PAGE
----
I had a brief flirtation with law school, but married an Air Force officer so there went that. The senior partner of a law firm I once worked for thought I would make a good attorney and offered to send me to law school if I promised to come back and work for them. He thought I would be deadly in court because opposing counsel would take one look at me (young and sweet, at the time) and dismiss me, giving me time to cut them to ribbons in court. I liked to argue back then. And I usually won.

    My plan is to try traditional publishing first, because I was once an editorial assistant.and it was drummed into me that was the way to go. However, I also have an independent spirit so if I can’t get my work out any other way, I may go that route.

    But first, I have to finish something.

    Happy Sunday, Everyone!

    • But first, I have to finish something.

      Ha! Words of wisdom.

      Finish…and immediately get to work on the next.

      And I’m glad I never had to face you in court, Cynthia!

      • When our children were in high school I expressed regret to my hubby that I didn’t go to law school since attorneys make more than secretaries. He gave me a hug and said “That’s okay, honey. You would’ve spent all your time doing pro bono work for widows and orphans and wouldn’t have made a dime anyway.”

        I read your dad’s book. I love it. Thank you for sharing.

  6. If someone said, “You must give up writing or chocolate,” I’d have to choose the latter…although with great regret.

    Joy is finding the exact right word or phrase that clicks perfectly into place and suddenly the character is alive.

    Joy is when a reader says, “You captured my feelings like you were inside my head.”

    Joy is editing the work of young writers and having them say, “That’s what I meant to say but you said it so much better. How can I do that, too?”

    Really enjoyed Peter Charlie and am looking forward to A Lawyer’s Letter. Passing down wisdom from the elders is a great contribution. Your dad lives on. Thanks, Jim.

    • Three great instances of joy, Debbie. Right on.

      And thanks for the kind words about Peter Charlie. My dad didn’t use a vanity press originally, but hired out the typesetting and the printing. It cost a pretty penny to print up hardcovers, but he sold a lot of them through his networking with his old shipmates. He died in 1988 but we kept getting orders, so sometime in the 90s the entire run had sold. Pretty good record, that. And now it’s out forever in digital form!

  7. Good post, Jim.

    Joy for me is storytelling, conveying the stories my characters tell me. Rather than being the almighty writer on high, I choose to roll off into the trenches with the characters and try to keep up as they race through the story. I see myself as their recorder, writing down what they say and do. Work? If it was work, I’d find something else to do.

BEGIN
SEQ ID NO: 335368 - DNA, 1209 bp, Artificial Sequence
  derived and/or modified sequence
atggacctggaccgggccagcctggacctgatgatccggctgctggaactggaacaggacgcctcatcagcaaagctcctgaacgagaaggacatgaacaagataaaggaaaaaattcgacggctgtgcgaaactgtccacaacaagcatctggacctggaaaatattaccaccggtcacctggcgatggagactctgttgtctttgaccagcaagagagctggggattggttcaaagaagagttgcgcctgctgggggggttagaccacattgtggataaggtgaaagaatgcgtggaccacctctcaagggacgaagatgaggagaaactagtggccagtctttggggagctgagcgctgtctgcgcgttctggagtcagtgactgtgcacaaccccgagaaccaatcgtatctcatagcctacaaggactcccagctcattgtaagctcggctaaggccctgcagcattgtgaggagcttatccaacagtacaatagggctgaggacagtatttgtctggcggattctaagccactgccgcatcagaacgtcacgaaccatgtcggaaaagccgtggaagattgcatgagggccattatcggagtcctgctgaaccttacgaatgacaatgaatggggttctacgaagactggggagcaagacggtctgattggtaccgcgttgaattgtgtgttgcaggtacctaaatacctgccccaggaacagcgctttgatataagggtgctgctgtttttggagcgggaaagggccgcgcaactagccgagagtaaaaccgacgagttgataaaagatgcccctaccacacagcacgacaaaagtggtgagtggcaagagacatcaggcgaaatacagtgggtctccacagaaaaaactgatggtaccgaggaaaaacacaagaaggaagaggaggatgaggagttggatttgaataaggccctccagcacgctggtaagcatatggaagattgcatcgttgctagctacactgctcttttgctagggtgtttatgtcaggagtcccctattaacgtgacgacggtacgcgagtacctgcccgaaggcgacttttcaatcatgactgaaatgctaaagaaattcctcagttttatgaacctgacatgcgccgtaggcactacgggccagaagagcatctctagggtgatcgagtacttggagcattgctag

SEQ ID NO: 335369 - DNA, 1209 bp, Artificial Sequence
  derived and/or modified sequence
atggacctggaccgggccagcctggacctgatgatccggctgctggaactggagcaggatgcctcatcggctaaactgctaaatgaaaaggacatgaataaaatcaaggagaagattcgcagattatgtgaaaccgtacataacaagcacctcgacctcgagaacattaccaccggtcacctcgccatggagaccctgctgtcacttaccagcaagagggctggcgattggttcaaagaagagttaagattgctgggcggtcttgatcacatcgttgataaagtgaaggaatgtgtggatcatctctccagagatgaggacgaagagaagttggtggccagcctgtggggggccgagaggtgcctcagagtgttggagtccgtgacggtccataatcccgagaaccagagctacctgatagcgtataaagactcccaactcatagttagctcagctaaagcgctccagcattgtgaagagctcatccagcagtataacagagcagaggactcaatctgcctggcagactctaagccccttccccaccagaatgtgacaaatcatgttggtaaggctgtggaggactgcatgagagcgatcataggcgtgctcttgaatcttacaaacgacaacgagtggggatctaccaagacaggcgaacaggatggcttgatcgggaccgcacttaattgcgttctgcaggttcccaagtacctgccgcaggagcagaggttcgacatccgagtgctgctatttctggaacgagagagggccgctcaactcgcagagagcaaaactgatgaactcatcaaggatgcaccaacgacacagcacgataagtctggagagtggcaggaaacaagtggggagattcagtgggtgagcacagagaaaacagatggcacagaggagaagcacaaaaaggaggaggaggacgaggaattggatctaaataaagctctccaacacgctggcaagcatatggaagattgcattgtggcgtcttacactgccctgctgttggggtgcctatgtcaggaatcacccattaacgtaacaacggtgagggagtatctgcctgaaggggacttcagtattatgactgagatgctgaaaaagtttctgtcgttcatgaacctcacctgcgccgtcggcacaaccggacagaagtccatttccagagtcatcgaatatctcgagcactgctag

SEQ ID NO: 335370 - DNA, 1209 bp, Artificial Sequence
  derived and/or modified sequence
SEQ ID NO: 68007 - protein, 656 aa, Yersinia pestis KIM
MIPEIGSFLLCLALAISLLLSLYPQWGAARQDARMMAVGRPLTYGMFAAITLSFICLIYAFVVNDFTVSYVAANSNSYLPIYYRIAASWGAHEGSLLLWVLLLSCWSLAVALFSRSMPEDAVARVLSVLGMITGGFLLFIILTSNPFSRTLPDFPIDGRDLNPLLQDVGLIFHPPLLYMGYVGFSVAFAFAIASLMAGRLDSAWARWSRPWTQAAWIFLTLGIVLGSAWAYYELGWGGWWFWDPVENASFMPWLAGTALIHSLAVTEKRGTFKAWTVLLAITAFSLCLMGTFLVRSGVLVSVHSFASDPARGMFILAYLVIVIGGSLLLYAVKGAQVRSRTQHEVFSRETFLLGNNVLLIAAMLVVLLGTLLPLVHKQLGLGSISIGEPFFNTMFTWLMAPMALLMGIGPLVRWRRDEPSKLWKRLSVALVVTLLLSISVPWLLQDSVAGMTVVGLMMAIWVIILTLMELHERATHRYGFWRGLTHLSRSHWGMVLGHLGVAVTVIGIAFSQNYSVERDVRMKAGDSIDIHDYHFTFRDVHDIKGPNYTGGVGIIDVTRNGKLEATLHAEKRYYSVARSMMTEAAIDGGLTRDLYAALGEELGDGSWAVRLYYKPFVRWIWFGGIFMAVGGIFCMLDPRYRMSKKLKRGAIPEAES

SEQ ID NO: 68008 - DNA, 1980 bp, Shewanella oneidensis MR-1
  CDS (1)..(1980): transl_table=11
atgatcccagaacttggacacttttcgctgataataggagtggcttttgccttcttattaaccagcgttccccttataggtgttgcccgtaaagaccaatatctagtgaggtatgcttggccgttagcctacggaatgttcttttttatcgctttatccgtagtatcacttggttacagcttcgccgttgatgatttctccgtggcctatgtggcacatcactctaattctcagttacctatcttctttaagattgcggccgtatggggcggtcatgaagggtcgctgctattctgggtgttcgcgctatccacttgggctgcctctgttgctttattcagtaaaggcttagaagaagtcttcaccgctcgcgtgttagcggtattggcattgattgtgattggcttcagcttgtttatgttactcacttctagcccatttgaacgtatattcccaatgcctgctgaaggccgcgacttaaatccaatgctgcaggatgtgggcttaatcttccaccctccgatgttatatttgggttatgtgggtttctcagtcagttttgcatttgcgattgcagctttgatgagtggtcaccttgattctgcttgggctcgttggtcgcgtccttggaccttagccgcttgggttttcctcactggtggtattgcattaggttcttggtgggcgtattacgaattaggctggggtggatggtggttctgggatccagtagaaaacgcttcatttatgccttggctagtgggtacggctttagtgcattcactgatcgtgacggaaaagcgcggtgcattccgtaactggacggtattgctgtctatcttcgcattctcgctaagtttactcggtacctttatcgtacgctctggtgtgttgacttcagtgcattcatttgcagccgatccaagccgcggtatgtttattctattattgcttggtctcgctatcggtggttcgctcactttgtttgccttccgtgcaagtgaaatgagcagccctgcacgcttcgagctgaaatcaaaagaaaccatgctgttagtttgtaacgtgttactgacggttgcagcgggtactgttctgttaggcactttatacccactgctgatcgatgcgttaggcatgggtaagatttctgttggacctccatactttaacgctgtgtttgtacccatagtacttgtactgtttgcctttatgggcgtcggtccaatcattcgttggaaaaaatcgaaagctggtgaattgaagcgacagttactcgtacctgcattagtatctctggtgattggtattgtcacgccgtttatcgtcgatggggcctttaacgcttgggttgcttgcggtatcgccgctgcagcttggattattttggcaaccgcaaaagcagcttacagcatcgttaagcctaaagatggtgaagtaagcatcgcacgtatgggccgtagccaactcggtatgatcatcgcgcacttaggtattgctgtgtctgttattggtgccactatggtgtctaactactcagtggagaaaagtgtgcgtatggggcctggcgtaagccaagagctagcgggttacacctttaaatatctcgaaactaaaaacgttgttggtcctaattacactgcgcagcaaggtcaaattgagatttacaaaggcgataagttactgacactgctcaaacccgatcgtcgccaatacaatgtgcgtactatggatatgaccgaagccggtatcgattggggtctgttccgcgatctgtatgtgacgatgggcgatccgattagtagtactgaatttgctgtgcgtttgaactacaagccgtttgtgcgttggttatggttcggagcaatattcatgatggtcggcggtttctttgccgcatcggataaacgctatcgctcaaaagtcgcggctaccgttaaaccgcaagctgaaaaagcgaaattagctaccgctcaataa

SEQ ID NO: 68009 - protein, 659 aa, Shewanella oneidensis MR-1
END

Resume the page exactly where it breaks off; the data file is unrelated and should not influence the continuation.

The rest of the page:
I don’t personally care what road to publication other writers choose. I’m pleased and proud to be an indie writer and publisher. Under the old system, I’d either write under a dozen or so pen names, or I’d publish one or two books per year. Meaning currently my count would be 4 or 5 novels at the words, and 8 or 10 at the best.

    Because of this brave new world of indie publishing, I’ve now published 40 novels and am working on the 41st. (That plus 7 novellas, almost 200 short stories and the attendant collections.)

    I do have other eyes on my work to catch glitches, wrong words (waste vs. waist), inconsistencies and so on, but that’s it. More importantly (to me), I’ve had hundreds of thousands of words more practice than I would have if I were held to only one or two novels per year.

    Loving it. I only wish I’d stumbled across Heinlein’s Rules when I was in my 20s or 30s. (grin)

    • Harvey, you are Bradbury-esque in both output and process. He once remarked that, for him, plotting was following his character’s footprints in the snow. Ha!

      Congrats on your prolificity and joy.

    • Well that’s quite nice of you, Kay!

      I see just that the book is currently #1 in the free Kindle store under Legal Profession. My dad would’ve loved that!

  8. Great post and a wonderful way to honor your father’s thoughts and words.

    What brings me joy is the entire Indie process: from initial idea spark to writing/editing/designing to hitting the Publish button to the marketing (which I find as creative as the rest). It’s the whole shebang. The entire process of creating a work and getting it out there and receiving feedback (in multiple ways) that I’ve touched someone with what I’ve created.

    BTW, Jim (may I call you Jim?), I just finished “Super Structure” and was able to apply it productively to my WIP.